Linda and I will be attending the upcoming Lie-Nielsen Hand Tool Events at Cerritos College in Norwalk, CA on Friday and Saturday, January 29 (12-6) and 30 (10-5) and the following weekend, February 5 & 6, same hours) at the Crucible in Oakland, CA. I’ll have blades and plane kits to show, a couple of demo planes to show off (even one of Jim Krenov’s) as well as books to sign.
We’ve attended a few of these events in the past and find them very rewarding. They’re casual, friendly and fun. Make some time to come by and say hi. I hope to see you there.
I’m not one to toot my own horn — honest. But I can’t help but share some of the kind things readers are saying about my book, The Perfect Edge. If you haven’t purchased your own copy yet, I’ve decided to extend the Blade Bucks offer indefinitely. Order your copy of The Perfect Edge from HOCK TOOLS and we’ll include a Blade Bucks certificate good for $10 off your next purchase from Hock Tools.
“Aye, mate, ’twas worth the wait. I haven’t had much time to myself until today, but on Christmas Day, amid all the extended family commotion, I was finding some peace in my leather recliner reading the first few chapters of your latest work. Well done. It’s been 38 years since I was in Materials Science class, a course I enjoyed and did well in, and your section on metallurgy should be adopted as a supplement for those courses. Much better written than any textbook I’ve ever had to wade through. It is a credit to you on how you’ve written this that I find it draws the reader in and I just keep reading along. I particularly commend you on your choice of advisers … an impressive list of experts lending their assistance, further improving the books credibility for me. I have much more to read, but this effort looks to be worth every bit of the energy you put into it — and having an autographed copy may well prove at some point to significantly enhance the perceived value on the bookshelf.” — C.D.
“Received the sharpening book today. First pass through – very satisfied – exactly what I bought it for: great information on sharpening, steel, and machines for sharpening. Glad you chose to write this book!” — B.P.
“I just received your book. I am not a non-fiction lover preferring murder mysteries. But, as a woodworker also, I have been fascinated and have learned as much about sharpening in a few hours of reading, as I accumulated over the past years. Thank-you for your efforts.” — G.T.
“Wow! I must say that you have done a masterful job of tying together an enormous amount of technical data. Your sense of humor comes through as well without distracting from the flow. The book is also a visual treat- clear large images leave no doubt as to what you mean to illustrate. There is plenty of hard data to keep the controversies going. I think you have given a very balanced view of the great variety of methods available.
In my opinion you have the absolute top book on the topic-period. Congratulations.” — B.B.
I am humbled by your kind words and thank you all so much.
(Oh and, G.T., on your preference for murder mysteries, me too. Have your read Connelly’s latest? Great stuff.)
Bevel-up (BU) planes have been getting a lot of buzz lately – not undeservedly; they’re great planes. Part of their popularity comes from the ease with which the user can adjust the angle of attack – the angle at which the edge enters the wood – for planing various woods in different planing circumstances.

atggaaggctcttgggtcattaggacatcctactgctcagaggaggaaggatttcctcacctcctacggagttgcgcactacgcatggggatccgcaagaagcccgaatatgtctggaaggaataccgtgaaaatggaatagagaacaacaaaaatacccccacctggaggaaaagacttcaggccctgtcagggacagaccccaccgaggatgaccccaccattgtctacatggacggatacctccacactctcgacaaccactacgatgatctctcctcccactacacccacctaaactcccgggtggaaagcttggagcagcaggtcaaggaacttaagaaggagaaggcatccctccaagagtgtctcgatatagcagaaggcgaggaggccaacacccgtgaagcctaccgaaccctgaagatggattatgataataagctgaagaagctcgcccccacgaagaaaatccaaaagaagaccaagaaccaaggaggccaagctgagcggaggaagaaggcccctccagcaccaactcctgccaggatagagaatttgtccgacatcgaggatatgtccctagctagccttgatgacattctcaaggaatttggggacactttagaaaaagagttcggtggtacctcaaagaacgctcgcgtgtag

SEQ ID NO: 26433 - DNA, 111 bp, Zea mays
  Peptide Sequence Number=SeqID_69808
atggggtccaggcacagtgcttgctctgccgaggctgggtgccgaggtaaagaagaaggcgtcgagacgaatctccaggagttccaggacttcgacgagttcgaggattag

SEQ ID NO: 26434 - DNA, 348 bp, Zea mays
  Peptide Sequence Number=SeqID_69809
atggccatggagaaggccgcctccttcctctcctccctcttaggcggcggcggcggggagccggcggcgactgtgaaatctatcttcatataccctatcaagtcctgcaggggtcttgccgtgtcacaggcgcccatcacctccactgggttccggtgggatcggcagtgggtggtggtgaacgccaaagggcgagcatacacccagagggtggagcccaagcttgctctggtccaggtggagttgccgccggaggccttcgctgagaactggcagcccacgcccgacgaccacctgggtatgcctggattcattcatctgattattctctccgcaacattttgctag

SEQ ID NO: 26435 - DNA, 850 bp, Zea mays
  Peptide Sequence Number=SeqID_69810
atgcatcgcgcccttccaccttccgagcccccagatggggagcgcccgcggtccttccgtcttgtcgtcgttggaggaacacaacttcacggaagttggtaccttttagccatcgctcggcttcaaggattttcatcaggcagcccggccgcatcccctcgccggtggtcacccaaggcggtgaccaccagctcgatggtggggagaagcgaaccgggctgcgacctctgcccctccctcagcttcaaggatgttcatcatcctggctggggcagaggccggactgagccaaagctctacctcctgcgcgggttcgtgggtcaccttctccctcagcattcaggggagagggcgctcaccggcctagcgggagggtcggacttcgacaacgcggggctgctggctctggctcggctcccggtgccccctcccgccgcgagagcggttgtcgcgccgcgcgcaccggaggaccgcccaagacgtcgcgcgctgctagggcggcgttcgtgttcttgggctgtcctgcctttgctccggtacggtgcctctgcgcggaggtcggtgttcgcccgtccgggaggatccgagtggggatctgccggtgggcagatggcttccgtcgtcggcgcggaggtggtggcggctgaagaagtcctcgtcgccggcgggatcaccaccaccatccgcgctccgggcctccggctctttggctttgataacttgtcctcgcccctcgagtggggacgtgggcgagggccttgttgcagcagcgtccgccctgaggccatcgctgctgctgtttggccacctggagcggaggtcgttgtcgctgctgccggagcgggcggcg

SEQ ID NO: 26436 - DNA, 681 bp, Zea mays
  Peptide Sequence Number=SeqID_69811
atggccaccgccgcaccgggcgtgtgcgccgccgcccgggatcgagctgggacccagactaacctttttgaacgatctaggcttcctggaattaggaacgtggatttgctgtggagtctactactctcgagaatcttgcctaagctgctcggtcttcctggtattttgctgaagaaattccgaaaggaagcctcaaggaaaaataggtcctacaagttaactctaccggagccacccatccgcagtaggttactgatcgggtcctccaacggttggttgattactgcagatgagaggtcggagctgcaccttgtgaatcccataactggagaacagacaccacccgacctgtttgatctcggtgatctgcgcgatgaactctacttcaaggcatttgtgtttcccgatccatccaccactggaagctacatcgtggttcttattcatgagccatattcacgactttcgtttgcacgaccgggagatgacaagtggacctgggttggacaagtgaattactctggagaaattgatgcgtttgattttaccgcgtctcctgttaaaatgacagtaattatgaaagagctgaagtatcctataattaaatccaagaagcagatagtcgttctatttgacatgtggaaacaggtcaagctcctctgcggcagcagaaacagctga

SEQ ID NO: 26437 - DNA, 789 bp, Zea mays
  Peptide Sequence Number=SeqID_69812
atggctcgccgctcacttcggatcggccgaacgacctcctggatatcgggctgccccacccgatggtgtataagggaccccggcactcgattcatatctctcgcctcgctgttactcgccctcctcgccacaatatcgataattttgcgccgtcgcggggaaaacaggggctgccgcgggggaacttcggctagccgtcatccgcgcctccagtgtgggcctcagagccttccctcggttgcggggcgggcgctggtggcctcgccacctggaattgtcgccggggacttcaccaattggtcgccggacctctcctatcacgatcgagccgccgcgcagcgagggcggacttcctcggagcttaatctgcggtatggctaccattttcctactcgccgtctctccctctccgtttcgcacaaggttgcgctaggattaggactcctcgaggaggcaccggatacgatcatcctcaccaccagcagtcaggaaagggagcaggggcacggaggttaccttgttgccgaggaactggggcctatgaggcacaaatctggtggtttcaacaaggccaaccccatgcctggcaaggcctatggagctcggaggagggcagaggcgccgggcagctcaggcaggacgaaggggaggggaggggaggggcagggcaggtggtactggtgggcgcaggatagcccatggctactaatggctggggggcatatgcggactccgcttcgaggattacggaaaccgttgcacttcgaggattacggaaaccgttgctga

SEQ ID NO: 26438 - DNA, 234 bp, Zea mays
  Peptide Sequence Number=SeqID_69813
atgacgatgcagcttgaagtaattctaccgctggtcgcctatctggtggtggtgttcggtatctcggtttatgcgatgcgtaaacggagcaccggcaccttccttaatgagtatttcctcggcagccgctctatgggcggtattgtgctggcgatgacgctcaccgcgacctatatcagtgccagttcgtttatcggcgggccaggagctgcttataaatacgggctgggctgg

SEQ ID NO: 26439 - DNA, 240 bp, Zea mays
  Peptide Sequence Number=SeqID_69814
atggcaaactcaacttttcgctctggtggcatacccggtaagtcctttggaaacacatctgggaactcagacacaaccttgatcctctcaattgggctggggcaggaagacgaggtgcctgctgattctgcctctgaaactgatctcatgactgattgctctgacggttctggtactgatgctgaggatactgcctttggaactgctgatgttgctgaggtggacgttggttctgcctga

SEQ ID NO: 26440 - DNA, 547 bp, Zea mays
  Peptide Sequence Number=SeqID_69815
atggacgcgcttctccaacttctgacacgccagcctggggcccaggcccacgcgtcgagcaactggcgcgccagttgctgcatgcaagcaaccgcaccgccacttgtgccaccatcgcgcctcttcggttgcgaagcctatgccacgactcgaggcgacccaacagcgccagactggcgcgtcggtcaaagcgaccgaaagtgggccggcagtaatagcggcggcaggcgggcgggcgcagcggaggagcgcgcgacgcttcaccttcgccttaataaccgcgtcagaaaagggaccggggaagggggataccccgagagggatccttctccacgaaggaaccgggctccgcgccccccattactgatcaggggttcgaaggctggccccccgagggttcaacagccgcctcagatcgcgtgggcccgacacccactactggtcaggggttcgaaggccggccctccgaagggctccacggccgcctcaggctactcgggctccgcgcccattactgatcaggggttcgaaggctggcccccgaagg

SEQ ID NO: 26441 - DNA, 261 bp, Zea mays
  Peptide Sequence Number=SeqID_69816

To adjust the angle of attack, i.e. steeper for difficult grains, you simple hone a steeper microbevel on your blade. Reducing the angle will take a bit more time as the whole bevel must be re-ground to the lower angle. A small price to pay for such versatility.
You can easily achieve the same goal in your standard Stanley-style bevel-down (BD) plane by back-beveling the blade. What’s back-beveling, you ask? It’s simply adding a small bevel on the otherwise flat back of your plane iron. Most BD planes bed the blade at 45° – the angle of attack. This is a good angle for most work. With difficult grain,that’s prone to tearing out, however, you may benefit from a higher angle of attack, say, 55° or even higher. With higher angles of attack, the fibers are less likely to be levered up by the blade to tear out of the surface you’re planing. You do have to push harder, but you can achieve a smooth surface where you may not have been able to with the lower angle. The amount of back-bevel can be quite small; the wood only sees the first few molecules of the edge so a back-bevel as small as 1/64” should suffice. And there is no need to flatten the rest of the back – a real plus.
The only down side to the back-bevel is that, if you wish to revert to a lower angle of attack, you’ll have to grind the primary bevel back past the back-bevel and start over. That’s not different, if you think about it, from the blade bevel in the bevel-up planes, where you have to shorten the blade to increase the bevel angle. With a bevel-down blade, you have to shorten the blade to decrease the angle. My friend, Brian Burns, guitar- and tool-maker, wrote a 32 page booklet about back-bevel sharpening, Double Bevel Sharpening. He’s condensed years of experimentation into an interesting tome complete with clear illustrations that even includes instructions for building his ideal honing system. Brian says that a blade’s angle of attack should be adjusted for different woods the same way a metal-cutting tool is ground at different angles for different metals. Once you have a repeatable method for dialing in the back-bevel it only takes a few extra strokes at the sharpening station to avoid tearout in difficult woods.
Happy New Year, everyone!
The illustrations above are by Martha Garstang Hill, who created the beautiful hand-drawn illustrations for The Perfect Edge. Thanks, Martha.